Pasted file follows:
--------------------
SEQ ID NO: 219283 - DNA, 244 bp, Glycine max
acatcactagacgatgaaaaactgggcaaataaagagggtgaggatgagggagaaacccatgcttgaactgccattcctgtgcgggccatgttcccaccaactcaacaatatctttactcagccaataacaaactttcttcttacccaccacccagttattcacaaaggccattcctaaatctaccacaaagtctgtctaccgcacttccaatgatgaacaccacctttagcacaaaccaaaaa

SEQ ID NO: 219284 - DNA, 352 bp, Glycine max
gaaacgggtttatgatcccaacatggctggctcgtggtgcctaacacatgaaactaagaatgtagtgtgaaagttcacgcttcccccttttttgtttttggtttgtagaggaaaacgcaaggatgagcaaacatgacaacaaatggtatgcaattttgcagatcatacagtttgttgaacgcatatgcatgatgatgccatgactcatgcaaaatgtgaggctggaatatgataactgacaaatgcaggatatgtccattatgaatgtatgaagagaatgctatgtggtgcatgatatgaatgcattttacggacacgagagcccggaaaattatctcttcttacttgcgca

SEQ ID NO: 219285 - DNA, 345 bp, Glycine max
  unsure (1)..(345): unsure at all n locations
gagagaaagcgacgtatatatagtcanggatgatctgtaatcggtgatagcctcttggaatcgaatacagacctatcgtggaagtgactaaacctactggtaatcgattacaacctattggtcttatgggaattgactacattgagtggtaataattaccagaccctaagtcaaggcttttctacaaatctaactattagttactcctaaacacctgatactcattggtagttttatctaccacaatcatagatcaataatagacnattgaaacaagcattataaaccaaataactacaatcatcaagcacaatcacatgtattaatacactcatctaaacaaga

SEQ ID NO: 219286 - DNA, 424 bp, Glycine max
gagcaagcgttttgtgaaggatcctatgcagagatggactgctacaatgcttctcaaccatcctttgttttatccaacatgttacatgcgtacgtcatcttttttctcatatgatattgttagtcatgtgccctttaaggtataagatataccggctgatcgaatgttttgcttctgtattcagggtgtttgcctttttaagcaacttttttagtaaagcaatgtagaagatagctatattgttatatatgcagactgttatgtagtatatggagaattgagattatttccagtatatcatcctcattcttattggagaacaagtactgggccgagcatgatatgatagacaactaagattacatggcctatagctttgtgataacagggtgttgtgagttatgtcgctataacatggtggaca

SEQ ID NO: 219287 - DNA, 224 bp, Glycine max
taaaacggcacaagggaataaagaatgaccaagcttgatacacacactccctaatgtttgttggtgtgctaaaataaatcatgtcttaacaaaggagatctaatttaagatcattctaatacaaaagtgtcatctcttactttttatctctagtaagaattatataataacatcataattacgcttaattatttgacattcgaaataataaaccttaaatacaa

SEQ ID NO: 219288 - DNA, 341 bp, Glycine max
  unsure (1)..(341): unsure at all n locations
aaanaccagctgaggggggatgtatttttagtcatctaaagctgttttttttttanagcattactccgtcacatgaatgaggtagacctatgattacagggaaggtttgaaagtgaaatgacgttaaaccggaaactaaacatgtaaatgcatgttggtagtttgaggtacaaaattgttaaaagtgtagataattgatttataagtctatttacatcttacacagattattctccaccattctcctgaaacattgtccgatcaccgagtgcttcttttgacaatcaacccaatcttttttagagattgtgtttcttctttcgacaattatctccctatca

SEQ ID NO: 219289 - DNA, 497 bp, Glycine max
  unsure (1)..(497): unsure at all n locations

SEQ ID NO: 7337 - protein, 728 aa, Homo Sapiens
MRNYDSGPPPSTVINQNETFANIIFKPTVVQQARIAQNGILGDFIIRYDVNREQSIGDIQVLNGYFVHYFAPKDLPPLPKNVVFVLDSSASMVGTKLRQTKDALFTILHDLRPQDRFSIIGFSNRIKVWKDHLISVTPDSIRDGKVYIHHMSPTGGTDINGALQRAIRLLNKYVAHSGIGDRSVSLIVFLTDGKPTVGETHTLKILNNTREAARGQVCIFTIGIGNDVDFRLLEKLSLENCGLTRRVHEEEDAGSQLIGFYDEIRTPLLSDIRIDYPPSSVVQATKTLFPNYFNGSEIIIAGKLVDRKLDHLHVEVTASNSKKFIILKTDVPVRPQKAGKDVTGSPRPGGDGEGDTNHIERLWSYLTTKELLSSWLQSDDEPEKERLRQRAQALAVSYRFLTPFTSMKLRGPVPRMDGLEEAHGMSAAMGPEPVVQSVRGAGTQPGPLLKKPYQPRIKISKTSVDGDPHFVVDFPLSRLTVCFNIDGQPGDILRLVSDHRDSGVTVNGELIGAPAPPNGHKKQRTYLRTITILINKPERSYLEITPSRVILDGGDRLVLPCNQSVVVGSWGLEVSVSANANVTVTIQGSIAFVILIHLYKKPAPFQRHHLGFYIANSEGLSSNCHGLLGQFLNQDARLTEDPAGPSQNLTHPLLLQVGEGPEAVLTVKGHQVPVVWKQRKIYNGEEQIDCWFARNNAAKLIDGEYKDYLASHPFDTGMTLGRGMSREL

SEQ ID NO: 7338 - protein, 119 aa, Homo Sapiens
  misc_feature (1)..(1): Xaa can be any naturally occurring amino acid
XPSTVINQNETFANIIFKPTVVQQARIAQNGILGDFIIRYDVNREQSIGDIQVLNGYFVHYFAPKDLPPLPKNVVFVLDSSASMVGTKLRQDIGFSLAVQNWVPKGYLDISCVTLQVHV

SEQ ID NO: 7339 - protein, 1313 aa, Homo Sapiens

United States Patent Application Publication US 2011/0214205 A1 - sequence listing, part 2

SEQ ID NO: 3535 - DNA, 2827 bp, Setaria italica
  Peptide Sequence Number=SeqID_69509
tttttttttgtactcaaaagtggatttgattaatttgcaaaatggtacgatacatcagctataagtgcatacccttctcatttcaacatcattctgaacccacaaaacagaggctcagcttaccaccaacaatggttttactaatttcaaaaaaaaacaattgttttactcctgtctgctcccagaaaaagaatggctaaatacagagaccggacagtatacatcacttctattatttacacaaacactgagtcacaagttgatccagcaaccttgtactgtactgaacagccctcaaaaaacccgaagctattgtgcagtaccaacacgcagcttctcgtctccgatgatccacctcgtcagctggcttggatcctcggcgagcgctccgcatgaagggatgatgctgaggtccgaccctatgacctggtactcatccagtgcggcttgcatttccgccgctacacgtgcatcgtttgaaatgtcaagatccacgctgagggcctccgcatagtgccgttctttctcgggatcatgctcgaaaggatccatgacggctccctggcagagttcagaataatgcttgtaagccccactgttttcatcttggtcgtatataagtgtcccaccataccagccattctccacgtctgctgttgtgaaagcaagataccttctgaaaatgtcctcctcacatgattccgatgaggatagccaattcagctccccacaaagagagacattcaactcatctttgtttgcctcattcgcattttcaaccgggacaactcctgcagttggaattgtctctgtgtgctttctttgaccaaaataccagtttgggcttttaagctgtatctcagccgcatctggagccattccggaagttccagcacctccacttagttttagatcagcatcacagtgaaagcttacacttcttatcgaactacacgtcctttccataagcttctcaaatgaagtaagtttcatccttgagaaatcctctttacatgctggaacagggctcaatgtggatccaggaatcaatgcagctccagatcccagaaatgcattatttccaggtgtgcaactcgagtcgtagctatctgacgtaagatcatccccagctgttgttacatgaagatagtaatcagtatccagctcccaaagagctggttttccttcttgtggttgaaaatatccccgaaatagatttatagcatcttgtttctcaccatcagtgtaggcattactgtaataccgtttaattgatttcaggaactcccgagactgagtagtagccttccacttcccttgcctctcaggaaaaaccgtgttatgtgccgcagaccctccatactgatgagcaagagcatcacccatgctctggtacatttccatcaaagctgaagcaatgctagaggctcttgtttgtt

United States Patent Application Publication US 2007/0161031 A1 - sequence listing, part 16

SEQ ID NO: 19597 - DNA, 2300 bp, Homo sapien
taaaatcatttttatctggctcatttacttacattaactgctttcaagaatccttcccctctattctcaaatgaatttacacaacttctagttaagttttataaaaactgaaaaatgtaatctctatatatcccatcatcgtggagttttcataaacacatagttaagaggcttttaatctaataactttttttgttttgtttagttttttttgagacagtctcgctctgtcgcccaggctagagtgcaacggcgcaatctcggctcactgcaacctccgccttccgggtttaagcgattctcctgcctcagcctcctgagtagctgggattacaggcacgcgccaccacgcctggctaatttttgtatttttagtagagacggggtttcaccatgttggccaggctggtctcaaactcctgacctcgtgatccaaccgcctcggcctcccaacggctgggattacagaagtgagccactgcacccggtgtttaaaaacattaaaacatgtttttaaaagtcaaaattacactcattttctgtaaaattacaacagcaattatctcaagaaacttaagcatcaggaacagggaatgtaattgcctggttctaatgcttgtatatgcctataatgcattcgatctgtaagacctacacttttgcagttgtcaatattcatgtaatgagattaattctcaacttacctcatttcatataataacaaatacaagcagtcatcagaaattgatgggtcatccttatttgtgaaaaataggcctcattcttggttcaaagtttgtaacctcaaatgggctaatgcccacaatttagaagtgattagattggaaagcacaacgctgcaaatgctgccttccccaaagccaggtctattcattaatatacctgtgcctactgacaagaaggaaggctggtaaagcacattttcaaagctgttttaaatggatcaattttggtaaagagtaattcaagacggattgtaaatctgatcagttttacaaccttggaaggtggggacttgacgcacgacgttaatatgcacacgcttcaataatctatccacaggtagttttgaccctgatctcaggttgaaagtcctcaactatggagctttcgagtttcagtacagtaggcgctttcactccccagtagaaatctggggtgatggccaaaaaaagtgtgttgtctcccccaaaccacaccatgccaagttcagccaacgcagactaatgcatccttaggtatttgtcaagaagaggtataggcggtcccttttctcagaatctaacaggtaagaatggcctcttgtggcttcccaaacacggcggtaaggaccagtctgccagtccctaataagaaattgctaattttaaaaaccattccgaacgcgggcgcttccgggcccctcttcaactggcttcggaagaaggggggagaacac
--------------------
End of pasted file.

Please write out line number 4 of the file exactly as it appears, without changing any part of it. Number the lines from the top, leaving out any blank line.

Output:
gaaacgggtttatgatcccaacatggctggctcgtggtgcctaacacatgaaactaagaatgtagtgtgaaagttcacgcttcccccttttttgtttttggtttgtagaggaaaacgcaaggatgagcaaacatgacaacaaatggtatgcaattttgcagatcatacagtttgttgaacgcatatgcatgatgatgccatgactcatgcaaaatgtgaggctggaatatgataactgacaaatgcaggatatgtccattatgaatgtatgaagagaatgctatgtggtgcatgatatgaatgcattttacggacacgagagcccggaaaattatctcttcttacttgcgca